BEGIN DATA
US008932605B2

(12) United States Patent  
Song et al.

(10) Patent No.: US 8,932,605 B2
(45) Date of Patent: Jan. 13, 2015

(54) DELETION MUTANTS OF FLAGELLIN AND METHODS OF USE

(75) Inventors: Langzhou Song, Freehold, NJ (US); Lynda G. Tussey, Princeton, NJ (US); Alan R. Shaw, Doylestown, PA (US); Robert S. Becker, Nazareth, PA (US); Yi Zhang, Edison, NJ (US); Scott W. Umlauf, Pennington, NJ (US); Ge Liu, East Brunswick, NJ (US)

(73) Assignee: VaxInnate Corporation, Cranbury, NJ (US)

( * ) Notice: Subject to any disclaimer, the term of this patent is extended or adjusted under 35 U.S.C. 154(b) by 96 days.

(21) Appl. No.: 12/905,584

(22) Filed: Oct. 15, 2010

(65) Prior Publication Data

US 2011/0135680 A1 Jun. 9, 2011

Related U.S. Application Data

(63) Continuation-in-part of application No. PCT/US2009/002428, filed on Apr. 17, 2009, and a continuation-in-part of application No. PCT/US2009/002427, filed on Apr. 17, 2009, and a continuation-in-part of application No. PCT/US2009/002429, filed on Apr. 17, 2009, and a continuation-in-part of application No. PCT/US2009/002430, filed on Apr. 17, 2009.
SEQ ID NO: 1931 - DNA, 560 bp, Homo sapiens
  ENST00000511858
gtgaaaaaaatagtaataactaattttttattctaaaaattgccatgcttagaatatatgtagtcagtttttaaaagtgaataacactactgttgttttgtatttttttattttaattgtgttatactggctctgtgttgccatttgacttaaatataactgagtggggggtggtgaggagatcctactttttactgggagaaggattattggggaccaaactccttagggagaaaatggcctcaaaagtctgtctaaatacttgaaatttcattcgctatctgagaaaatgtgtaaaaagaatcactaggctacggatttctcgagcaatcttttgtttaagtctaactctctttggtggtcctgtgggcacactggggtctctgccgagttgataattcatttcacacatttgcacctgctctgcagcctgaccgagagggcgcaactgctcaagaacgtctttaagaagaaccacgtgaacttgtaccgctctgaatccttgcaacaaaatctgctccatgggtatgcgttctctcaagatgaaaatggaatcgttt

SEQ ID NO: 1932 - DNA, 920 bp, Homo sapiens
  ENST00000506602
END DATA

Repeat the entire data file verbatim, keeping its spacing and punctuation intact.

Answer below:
US008932605B2

(12) United States Patent  
Song et al.

(10) Patent No.: US 8,932,605 B2
(45) Date of Patent: Jan. 13, 2015

(54) DELETION MUTANTS OF FLAGELLIN AND METHODS OF USE

(75) Inventors: Langzhou Song, Freehold, NJ (US); Lynda G. Tussey, Princeton, NJ (US); Alan R. Shaw, Doylestown, PA (US); Robert S. Becker, Nazareth, PA (US); Yi Zhang, Edison, NJ (US); Scott W. Umlauf, Pennington, NJ (US); Ge Liu, East Brunswick, NJ (US)

(73) Assignee: VaxInnate Corporation, Cranbury, NJ (US)

( * ) Notice: Subject to any disclaimer, the term of this patent is extended or adjusted under 35 U.S.C. 154(b) by 96 days.

(21) Appl. No.: 12/905,584

(22) Filed: Oct. 15, 2010

(65) Prior Publication Data

US 2011/0135680 A1 Jun. 9, 2011

Related U.S. Application Data

(63) Continuation-in-part of application No. PCT/US2009/002428, filed on Apr. 17, 2009, and a continuation-in-part of application No. PCT/US2009/002427, filed on Apr. 17, 2009, and a continuation-in-part of application No. PCT/US2009/002429, filed on Apr. 17, 2009, and a continuation-in-part of application No. PCT/US2009/002430, filed on Apr. 17, 2009.
SEQ ID NO: 1931 - DNA, 560 bp, Homo sapiens
  ENST00000511858
gtgaaaaaaatagtaataactaattttttattctaaaaattgccatgcttagaatatatgtagtcagtttttaaaagtgaataacactactgttgttttgtatttttttattttaattgtgttatactggctctgtgttgccatttgacttaaatataactgagtggggggtggtgaggagatcctactttttactgggagaaggattattggggaccaaactccttagggagaaaatggcctcaaaagtctgtctaaatacttgaaatttcattcgctatctgagaaaatgtgtaaaaagaatcactaggctacggatttctcgagcaatcttttgtttaagtctaactctctttggtggtcctgtgggcacactggggtctctgccgagttgataattcatttcacacatttgcacctgctctgcagcctgaccgagagggcgcaactgctcaagaacgtctttaagaagaaccacgtgaacttgtaccgctctgaatccttgcaacaaaatctgctccatgggtatgcgttctctcaagatgaaaatggaatcgttt

SEQ ID NO: 1932 - DNA, 920 bp, Homo sapiens
  ENST00000506602